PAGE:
• by La Temperanza (638530) <temperanza@softh ... t minus caffeine> on Sunday March 30, 2003 @04:23PM (#5627845)
    I remember when I used to enter "billing@internic.net" as my e-mail address for every service (before they started requiring confirmation) and signed them up for all the free offers. :)
  • If that means ICANN's blood, then I entirely agree. ;)
  • (in)action (Score:5, Insightful)

    by scubacuda (411898) <.scubacuda. .at. .gmail.com.> on Sunday March 30, 2003 @04:36PM (#5627903)
    I can remember the first time I started using the Internet my freshman year in college. Wow...here was the perfect manifestation of all my libertarian (then Randroid-ian) ideals. How could unfettered access to information NOT topple over all oppressive regimes?

    It took me a long time to realize this, but the Internet qua Internet will NOT change the world for the better.

    If you were part of the upper echelon in the Soviet Union, would YOU want democracy? Would you give up the security--your nice apartment, caviar dinners, and KGB contacts--to live in a country where you didn't know what your lot/role in life would be?

    Once you look at it this way, everything from the way that closed regimes limit netizens' access to information makes to the way cable and software companies (namely, Microsoft) "act strategically" makes sense.

    People/governments/regimes have worked hard to make their way to the top. They're not about to put in place policies or architectures in place that threaten that hegemony.

    My question to the /. community is: what do we do to change this? We are arguably the biggest nerd gathering on the planet. Individually we might not have clout, but with the right direction, collectively we might...

    • My question to the /. community is: what do we do to change this? We are arguably the biggest nerd gathering on the planet. Individually we might not have clout, but with the right direction, collectively we might...

      Probably nothing. It will all boil down to International Treaties. All the geeks on the planet will be able to do precious little.

      I'd love to see it differently however....
    • Let's see what does ICANN actualy do, well what does it do that we actualy need?
      It assigns numbers, IP numbers that's realy all we need from them. As far as names anyone can do names, it would take the average unix/linux sysadmin what about 15 - 20 minutes to put their own Domain Name Server online? All they have to do is poll other name servers, example someone types in .aol and the root server says to AOL who is this, its no biggie.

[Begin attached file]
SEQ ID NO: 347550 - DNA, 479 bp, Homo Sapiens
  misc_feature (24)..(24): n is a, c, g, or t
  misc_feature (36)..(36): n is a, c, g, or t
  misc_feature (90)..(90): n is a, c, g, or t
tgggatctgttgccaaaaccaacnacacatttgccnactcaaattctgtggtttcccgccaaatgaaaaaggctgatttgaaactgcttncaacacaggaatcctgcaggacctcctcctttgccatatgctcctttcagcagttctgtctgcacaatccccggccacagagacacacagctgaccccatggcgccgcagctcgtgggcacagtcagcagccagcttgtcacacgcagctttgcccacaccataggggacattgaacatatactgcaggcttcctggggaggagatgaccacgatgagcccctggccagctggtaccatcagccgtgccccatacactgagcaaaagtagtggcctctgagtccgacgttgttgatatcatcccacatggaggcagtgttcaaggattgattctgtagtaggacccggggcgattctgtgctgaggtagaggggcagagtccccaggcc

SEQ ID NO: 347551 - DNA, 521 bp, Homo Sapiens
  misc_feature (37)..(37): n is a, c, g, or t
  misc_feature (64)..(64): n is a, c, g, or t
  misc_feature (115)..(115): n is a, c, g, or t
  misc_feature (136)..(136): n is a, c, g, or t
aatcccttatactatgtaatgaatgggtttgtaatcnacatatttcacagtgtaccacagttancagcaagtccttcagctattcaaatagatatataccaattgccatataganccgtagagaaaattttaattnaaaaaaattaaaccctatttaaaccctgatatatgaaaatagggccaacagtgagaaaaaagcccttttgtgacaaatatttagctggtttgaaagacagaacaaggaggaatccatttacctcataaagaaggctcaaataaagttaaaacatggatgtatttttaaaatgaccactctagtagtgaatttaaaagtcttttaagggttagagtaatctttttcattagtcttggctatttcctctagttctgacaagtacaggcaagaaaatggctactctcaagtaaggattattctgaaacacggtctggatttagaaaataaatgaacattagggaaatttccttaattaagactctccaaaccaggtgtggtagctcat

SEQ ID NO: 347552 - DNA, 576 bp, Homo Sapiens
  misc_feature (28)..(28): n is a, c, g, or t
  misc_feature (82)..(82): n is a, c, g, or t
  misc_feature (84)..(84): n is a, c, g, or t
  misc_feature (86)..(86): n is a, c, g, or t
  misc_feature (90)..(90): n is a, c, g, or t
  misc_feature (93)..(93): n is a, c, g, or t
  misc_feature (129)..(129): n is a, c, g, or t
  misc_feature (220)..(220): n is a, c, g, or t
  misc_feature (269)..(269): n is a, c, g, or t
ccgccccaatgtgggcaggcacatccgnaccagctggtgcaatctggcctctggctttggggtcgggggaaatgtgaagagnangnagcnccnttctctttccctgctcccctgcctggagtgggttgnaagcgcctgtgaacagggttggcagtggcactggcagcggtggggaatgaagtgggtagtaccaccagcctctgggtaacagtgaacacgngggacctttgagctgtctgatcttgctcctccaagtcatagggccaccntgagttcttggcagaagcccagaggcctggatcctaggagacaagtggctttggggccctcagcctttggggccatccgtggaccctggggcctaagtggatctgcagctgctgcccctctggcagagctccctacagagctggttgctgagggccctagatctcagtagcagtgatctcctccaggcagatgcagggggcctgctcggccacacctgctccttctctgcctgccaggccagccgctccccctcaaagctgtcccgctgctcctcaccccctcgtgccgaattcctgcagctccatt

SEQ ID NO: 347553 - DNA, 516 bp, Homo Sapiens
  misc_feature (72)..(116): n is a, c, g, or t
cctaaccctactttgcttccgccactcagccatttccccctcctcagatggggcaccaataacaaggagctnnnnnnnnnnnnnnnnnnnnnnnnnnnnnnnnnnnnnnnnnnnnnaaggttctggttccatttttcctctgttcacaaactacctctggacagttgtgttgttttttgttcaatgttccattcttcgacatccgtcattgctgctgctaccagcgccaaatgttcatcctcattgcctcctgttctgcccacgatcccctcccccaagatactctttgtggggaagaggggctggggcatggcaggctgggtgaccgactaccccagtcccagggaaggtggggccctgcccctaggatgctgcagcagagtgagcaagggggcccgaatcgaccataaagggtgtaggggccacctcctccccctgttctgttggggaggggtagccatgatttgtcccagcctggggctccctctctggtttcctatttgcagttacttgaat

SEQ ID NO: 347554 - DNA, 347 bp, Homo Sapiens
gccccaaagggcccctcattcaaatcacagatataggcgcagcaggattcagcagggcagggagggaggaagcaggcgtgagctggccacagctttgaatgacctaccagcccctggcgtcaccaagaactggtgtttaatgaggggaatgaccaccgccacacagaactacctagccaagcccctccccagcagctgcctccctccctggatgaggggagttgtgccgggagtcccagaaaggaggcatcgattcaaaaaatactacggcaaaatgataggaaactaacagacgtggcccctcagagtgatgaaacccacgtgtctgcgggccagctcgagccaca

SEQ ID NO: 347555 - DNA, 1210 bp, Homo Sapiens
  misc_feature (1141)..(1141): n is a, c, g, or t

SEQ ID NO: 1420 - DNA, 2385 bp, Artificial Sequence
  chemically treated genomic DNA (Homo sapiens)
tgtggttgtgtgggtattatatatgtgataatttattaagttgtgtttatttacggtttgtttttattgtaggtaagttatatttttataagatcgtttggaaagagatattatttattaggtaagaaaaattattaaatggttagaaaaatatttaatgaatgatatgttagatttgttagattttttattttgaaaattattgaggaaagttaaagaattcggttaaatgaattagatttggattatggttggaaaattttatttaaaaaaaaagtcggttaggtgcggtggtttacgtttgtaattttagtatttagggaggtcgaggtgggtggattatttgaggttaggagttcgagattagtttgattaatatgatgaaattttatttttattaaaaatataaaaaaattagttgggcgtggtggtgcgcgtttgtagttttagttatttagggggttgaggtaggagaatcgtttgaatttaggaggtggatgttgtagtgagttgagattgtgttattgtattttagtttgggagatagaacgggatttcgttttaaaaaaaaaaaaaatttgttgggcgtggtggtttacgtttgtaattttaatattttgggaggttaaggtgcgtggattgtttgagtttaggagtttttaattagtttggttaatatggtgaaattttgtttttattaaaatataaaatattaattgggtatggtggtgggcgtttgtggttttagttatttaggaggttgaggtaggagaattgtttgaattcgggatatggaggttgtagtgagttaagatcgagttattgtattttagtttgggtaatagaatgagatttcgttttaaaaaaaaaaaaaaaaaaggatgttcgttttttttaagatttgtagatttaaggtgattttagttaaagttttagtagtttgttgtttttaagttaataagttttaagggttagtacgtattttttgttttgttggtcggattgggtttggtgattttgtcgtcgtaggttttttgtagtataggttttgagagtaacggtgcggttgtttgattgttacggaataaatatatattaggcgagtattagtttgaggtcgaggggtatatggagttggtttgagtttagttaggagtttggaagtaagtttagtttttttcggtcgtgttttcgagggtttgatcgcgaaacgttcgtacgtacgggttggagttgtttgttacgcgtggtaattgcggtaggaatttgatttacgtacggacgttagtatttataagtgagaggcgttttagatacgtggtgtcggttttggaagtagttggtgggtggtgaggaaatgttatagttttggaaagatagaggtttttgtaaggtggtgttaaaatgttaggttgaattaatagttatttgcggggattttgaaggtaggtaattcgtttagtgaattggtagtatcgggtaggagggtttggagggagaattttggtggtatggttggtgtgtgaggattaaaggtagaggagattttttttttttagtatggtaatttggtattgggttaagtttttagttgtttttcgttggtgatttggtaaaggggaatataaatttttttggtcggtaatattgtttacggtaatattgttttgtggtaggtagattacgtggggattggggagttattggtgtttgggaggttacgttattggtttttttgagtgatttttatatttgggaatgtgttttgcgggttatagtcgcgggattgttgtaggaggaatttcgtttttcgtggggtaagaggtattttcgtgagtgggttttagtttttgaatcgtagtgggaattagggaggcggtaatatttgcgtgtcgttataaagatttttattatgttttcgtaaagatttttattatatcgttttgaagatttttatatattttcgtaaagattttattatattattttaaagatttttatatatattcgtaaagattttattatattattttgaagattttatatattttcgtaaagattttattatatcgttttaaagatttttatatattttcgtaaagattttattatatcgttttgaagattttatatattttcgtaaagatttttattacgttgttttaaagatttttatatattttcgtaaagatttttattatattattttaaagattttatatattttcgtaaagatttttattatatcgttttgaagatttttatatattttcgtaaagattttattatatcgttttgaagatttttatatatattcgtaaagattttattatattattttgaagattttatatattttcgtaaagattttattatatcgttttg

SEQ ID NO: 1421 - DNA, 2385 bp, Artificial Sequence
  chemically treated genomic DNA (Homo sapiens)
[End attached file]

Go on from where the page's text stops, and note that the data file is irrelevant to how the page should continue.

The biggest thing that ICANN seems to be doing is promoting an artificial
    • If you were part of the upper echelon in the Soviet Union, would YOU want democracy? Would you give up the security--your nice apartment, caviar dinners, and KGB contacts--to live in a country where you didn't know what your lot/role in life would be? and then ...

      My question to the /. community is: what do we do to change this? We are arguably the biggest nerd gathering on the planet. Individually we might not have clout, but with the right direction, collectively we might...

      If you understand freedom

    • Form the Geek Union. This one won't be administered by the Mafia, though. Imagine how scared shitless authority would be if over 600,000 geeks threatened a general strike. We could wield more power than every lobby group in Congre$$ if we chose to.
      • Or...a nerd version of Fight Club. We wreck havoc on the world for our own (dubious) political ends...

        [evil laugh] muhahahahahahahaha [/evil laugh]

    • You're right. We're a huge group of nerds! We have the power! Collectively, we could do anything, if we only had a little direction and organization to guide us toward a goal! Sure, we all disagree a little on things, but surely a noble cause could be the target that sets a huge nerd tidal wave into action, toppling this oppressive regime! We can do it!

      PLEASE. You'd have better luck organizing the sand of an entire beach into a nice tidy pile using a rake.